Now, if I can turn, in conclusion, very briefly, to the field of politics. I have often said that I wonder why people who are enormously successful in motion pictures or television will take time for politics. I think I know why. It is because you have show business. It is because you are interested in that, but you realize that the bigger business is the business of America. You realize that the future of show business, the future of your personal lives, the future of America and the world will depend upon the leadership that we have in America, and you are willing, therefore, to go out and speak up for America, each in your own way.
In that connection, incidentally, I know that there are those who will not do that, and I understand and I do not criticize them, but let me just suggest this to you: I said a moment ago that when those of us who are not in show business have the opportunity to see a good movie or a good television show, and when it takes us away from all of our problems, that is good for us.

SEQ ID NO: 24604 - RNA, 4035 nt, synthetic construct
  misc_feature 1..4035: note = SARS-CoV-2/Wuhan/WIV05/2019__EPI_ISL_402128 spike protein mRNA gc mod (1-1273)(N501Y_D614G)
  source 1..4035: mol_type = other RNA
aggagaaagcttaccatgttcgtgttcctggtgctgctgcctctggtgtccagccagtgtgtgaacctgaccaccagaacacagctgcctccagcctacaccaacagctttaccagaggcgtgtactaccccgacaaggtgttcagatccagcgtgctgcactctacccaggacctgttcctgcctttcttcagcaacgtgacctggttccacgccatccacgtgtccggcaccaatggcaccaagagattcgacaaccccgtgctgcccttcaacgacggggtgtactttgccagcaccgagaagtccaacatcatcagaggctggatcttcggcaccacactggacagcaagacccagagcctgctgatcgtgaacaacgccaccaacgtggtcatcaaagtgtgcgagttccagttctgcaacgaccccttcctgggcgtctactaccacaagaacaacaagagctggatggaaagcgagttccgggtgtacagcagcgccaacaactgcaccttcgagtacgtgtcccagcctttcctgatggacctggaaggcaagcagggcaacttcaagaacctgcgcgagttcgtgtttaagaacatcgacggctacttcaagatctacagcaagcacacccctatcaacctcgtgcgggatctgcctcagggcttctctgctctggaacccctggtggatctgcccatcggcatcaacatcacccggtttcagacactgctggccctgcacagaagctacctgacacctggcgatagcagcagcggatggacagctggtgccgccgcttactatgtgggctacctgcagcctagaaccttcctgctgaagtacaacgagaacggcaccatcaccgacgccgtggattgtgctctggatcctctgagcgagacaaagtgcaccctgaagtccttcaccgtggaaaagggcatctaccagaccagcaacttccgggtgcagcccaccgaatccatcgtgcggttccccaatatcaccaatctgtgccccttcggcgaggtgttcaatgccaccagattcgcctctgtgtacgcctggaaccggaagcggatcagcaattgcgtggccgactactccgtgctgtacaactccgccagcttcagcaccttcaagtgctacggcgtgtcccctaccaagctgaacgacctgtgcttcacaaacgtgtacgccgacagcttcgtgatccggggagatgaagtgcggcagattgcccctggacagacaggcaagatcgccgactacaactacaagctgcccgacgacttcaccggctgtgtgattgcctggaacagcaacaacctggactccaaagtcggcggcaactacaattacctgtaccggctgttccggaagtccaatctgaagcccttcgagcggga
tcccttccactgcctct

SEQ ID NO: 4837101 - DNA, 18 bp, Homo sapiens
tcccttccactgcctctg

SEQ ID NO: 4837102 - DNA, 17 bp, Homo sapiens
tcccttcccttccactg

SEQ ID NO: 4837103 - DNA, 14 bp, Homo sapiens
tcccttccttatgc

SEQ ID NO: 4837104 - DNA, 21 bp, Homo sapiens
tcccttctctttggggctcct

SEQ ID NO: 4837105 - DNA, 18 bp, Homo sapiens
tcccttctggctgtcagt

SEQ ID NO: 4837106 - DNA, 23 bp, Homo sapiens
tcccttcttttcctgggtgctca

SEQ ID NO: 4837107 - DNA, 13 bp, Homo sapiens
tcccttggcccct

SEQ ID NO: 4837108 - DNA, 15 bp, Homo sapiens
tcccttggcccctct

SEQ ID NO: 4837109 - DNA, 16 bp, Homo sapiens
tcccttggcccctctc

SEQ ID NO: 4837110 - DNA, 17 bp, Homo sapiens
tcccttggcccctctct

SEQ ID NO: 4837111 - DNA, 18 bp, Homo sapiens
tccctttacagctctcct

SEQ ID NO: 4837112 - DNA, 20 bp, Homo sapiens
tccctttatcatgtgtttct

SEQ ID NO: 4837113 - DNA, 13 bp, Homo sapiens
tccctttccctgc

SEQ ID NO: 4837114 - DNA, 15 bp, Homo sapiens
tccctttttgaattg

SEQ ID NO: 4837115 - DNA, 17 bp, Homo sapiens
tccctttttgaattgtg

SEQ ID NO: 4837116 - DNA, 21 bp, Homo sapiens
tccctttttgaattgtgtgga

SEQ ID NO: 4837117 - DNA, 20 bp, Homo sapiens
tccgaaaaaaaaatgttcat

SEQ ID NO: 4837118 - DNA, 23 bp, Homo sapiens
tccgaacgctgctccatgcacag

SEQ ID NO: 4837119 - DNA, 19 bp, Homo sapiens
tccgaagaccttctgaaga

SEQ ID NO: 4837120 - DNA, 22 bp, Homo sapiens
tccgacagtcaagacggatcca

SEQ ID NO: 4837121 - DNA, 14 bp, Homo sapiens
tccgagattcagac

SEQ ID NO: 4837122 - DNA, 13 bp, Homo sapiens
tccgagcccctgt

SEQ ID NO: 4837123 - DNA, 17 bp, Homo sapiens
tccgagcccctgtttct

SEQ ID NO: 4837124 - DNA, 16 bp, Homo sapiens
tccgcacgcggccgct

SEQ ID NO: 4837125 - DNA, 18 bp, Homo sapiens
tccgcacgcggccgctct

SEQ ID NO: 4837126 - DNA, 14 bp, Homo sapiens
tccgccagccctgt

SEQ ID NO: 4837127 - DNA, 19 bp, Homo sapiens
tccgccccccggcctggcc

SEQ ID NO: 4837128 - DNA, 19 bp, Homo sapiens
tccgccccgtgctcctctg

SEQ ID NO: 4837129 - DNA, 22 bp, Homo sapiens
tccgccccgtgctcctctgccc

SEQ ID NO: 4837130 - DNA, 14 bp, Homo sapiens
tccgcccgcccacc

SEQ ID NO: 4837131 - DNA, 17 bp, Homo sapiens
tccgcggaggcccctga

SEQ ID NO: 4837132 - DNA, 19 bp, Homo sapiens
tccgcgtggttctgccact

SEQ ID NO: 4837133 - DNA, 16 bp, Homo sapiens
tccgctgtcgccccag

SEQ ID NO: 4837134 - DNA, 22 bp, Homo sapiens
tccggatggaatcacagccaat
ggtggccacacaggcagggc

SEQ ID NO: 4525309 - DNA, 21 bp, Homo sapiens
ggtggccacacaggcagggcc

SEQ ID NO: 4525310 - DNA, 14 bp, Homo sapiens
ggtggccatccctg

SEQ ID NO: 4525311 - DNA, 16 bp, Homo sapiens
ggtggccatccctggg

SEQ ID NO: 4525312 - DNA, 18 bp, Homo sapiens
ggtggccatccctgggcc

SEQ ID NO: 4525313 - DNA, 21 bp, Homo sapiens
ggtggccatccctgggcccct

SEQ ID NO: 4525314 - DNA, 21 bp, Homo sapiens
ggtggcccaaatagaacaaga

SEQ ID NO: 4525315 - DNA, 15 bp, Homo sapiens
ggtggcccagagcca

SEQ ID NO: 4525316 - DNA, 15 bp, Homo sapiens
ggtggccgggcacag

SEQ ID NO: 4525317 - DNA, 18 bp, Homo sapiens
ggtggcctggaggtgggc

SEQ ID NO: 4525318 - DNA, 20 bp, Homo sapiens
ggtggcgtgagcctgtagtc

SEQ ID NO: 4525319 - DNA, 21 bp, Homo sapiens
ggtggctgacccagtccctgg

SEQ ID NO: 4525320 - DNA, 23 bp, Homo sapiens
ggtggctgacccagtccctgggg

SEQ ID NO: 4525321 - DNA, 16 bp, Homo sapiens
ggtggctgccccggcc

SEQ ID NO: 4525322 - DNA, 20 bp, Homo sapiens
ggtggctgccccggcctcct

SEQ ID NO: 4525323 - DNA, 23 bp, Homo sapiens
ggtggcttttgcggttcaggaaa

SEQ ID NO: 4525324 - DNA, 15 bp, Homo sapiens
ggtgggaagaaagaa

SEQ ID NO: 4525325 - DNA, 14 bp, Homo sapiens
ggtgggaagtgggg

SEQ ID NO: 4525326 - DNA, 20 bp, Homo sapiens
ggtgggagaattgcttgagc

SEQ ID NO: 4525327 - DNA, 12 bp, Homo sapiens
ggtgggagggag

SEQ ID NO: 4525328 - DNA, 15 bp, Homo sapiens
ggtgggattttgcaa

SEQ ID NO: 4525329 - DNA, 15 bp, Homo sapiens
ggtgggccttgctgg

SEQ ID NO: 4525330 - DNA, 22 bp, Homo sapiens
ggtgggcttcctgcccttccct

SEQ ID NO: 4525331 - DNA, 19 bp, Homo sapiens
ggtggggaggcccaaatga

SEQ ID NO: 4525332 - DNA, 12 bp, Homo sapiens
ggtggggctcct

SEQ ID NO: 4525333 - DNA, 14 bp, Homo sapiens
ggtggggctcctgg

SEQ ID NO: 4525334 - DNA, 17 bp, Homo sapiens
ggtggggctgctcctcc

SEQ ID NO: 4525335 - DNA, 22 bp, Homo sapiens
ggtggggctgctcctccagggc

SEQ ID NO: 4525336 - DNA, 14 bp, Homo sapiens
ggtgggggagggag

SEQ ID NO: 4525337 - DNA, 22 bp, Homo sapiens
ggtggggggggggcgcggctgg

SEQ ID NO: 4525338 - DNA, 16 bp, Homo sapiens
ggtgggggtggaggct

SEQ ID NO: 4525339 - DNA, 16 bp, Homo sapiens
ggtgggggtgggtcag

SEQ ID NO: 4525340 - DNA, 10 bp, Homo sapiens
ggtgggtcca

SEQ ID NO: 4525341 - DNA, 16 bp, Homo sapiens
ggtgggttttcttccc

Putting it in terms of yourselves, when you move out of your business, when you do something in the field of politics, you are engaging in an activity that is bigger than yourselves, and that is good for you, it is good for any of us.
I think that President de Gaulle said it best of all in terms of a nation when he said that "France is never her true self unless she is engaged in a great enterprise." That is true of a nation; it is true of an individual. We are never our true selves unless we are engaged in an enterprise bigger than ourselves.